Only a handful of national parks in the country do not have elephants. The rest are all elephant habitats. In most national parks, you can see the Big Three. Minneriya, Wilpattu, Wasgamuwa, Gal Oya, Udawalawe and Yala are famed for elephant populations. From May to September, during the dry season in the central plains, the Great Elephant Gathering takes place in Minneriya National Park, where more than 300 elephants gather to the park to feed and drink from the ancient reservoir. Elephants from Wasgamuwa National Park also migrate here.

You can spot elephants throughout the year in the Sri Lankan wilderness. The dry season is usually a good time for sightings as animals flock to waterholes, lakes, rivers and reservoirs for drinking and bathing. At Gal Oya National Park, you can see them swimming from island to island in the gigantic Senanayake Samudraya.


Leopard in Yala National Park

The leopard is the apex predator and big cat of Sri Lanka. Endangered and elusive, their sightings are the holy grail of safari. The Sri Lankan Leopard’s habitat ranges from dry to arid to wet zones. Yala and Wilpattu are famed for sightings. Basking on a tree or prowling the undergrowth, the sights of these beautiful creatures are worth the patience. The diverse ecosystems of the parks provide ample prey and habitats to survive. May to October is the Parks’ dry season, offering more sightings.

Other major national parks such as Minneriya, Gal Oya and Udawalawe also record leopards. These parks also have elephants and sloth bears.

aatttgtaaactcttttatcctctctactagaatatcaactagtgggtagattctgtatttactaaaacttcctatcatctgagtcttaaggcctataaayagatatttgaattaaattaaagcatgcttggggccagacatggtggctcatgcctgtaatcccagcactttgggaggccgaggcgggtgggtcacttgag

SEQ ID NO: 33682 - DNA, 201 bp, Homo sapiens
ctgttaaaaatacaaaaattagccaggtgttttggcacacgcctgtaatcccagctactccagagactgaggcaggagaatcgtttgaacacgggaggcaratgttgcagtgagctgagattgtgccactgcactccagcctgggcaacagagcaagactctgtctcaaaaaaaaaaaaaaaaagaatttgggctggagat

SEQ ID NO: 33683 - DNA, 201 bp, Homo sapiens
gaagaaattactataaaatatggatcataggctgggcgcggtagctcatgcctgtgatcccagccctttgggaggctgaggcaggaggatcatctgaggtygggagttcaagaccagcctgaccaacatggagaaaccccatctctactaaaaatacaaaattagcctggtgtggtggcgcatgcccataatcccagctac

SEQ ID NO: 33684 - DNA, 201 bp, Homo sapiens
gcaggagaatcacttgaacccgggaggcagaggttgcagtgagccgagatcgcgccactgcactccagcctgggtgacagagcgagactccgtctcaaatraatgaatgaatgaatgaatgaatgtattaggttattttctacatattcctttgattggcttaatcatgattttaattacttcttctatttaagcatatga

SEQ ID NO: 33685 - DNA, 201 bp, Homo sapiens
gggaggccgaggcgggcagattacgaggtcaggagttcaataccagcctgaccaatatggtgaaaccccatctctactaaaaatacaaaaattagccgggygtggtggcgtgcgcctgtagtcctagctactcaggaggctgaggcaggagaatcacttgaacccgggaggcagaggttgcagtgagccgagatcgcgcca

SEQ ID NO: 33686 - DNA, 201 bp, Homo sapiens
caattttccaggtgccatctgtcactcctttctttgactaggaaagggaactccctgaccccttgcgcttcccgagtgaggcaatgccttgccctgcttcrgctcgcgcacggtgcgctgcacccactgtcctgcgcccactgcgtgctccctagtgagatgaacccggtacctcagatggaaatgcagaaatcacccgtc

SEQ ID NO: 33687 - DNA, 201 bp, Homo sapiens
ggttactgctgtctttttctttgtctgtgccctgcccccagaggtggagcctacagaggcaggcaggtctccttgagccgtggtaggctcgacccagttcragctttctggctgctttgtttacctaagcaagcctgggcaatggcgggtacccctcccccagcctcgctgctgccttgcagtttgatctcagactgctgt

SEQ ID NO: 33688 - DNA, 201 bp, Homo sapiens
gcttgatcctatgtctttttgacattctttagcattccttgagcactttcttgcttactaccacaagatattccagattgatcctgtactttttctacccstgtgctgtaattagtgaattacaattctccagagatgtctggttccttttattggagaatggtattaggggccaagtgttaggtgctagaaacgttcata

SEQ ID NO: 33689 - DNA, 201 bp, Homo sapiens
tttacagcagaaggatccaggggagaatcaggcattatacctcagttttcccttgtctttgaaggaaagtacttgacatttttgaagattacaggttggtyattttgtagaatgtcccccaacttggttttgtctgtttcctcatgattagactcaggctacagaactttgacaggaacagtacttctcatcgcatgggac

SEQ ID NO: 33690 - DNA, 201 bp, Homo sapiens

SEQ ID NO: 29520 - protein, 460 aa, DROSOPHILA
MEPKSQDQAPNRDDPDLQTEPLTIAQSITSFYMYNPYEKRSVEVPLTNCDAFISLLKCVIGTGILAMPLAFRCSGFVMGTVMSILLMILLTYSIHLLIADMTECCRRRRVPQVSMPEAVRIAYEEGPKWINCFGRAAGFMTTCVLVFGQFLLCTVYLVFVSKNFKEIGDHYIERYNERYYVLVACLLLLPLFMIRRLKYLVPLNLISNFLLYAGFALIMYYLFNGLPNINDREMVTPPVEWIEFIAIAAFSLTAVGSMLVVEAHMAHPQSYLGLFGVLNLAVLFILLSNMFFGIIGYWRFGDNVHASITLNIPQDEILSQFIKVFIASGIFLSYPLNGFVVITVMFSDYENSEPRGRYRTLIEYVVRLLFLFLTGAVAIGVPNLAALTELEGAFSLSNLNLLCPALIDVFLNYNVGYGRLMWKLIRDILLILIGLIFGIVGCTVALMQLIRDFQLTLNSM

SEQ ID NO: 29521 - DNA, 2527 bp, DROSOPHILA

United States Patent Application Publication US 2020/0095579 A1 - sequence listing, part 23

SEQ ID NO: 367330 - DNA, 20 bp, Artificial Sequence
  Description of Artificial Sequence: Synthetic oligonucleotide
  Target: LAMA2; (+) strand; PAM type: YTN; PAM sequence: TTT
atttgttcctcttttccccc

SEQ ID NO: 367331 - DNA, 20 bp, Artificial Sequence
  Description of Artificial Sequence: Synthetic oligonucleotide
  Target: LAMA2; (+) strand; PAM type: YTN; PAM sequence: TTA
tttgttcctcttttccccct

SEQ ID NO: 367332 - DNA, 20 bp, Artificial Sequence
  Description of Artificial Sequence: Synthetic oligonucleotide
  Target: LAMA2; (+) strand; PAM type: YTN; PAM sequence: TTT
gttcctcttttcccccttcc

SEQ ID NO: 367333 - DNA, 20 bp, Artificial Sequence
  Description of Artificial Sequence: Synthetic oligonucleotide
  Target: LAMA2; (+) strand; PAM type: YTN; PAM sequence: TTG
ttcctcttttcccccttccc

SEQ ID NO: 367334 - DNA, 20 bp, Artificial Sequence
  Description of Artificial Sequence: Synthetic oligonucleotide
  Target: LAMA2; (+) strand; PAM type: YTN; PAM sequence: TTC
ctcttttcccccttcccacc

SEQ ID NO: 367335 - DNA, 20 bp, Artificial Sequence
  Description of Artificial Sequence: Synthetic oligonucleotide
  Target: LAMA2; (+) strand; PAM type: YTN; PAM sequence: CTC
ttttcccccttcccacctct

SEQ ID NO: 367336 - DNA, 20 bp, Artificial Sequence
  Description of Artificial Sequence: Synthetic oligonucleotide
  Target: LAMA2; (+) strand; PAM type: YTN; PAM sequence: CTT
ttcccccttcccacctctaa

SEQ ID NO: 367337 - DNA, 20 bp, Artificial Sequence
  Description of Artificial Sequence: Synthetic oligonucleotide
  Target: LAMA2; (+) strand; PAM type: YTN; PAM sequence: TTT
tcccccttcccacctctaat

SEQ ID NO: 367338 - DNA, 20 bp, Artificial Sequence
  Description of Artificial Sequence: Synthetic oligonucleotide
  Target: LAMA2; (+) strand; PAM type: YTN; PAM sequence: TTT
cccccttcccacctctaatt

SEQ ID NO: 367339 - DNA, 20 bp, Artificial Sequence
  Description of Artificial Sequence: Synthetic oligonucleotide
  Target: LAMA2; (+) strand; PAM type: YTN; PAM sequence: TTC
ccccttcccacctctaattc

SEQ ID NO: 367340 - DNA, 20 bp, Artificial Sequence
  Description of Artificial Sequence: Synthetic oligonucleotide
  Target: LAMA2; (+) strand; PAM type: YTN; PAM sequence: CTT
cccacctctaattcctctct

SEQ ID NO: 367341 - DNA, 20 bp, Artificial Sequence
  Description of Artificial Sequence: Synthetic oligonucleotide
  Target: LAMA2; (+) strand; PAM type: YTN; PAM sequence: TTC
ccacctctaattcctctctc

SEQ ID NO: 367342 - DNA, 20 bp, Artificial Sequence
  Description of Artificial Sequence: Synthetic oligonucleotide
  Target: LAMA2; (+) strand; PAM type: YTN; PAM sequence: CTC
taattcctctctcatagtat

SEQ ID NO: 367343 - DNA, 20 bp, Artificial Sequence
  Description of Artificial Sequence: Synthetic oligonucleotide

Sloth Bear

Sloth Bear at Yala National Park

Shaggy, dusty, and unkempt, the reclusive sloth bear wanders in the lowland dry forests in Sri Lanka. Their dishevelled look adds to their adorability. Snorting and grunting, it wanders alone, usually at night, in search of insects and fresh fruit. They use their long, curved claws to penetrate insect mounds and suck insects. They feed on various fruits and flowers, especially Palu and Weera, native to the region. When they knock down the occasional honeycomb, they will feast on it earnestly. The cubs often ride on their mothers’ backs, an unforgettable sight. They are the only type of bear found in Sri Lanka.

Yala, Wilpattu and Wasgamuwa National Parks are popular places to see the sloth bear. The fruiting season is the best time for sightings. May to July brings the sweet smell of ripe Palu and Weera.

The Big Five Safari with Blue Lanka Tours

Sri Lanka offers rich wildlife experiences, including the rare and extraordinary. Watch the blue whales and sperm whales breaching and gliding across the water. Witness herds of elephants feeding, frolicking, bathing and swimming. Capture the vivid eyes of the graceful leopard keenly observing you while sprawled out on a tree branch. And see the sloth bear taking a solitary walk through the jungle. Blue Lanka Tours shines the spotlight on the most riveting wildlife spectacles. Tailormade for you with professional expertise and care, we promote responsible wildlife tourism and advocate for conservation. From airport pickup to dropoff, we are with you 24/7 with dedicated customer support. Stay at unique wilderness properties and discover unmatched authentic tropical beauty.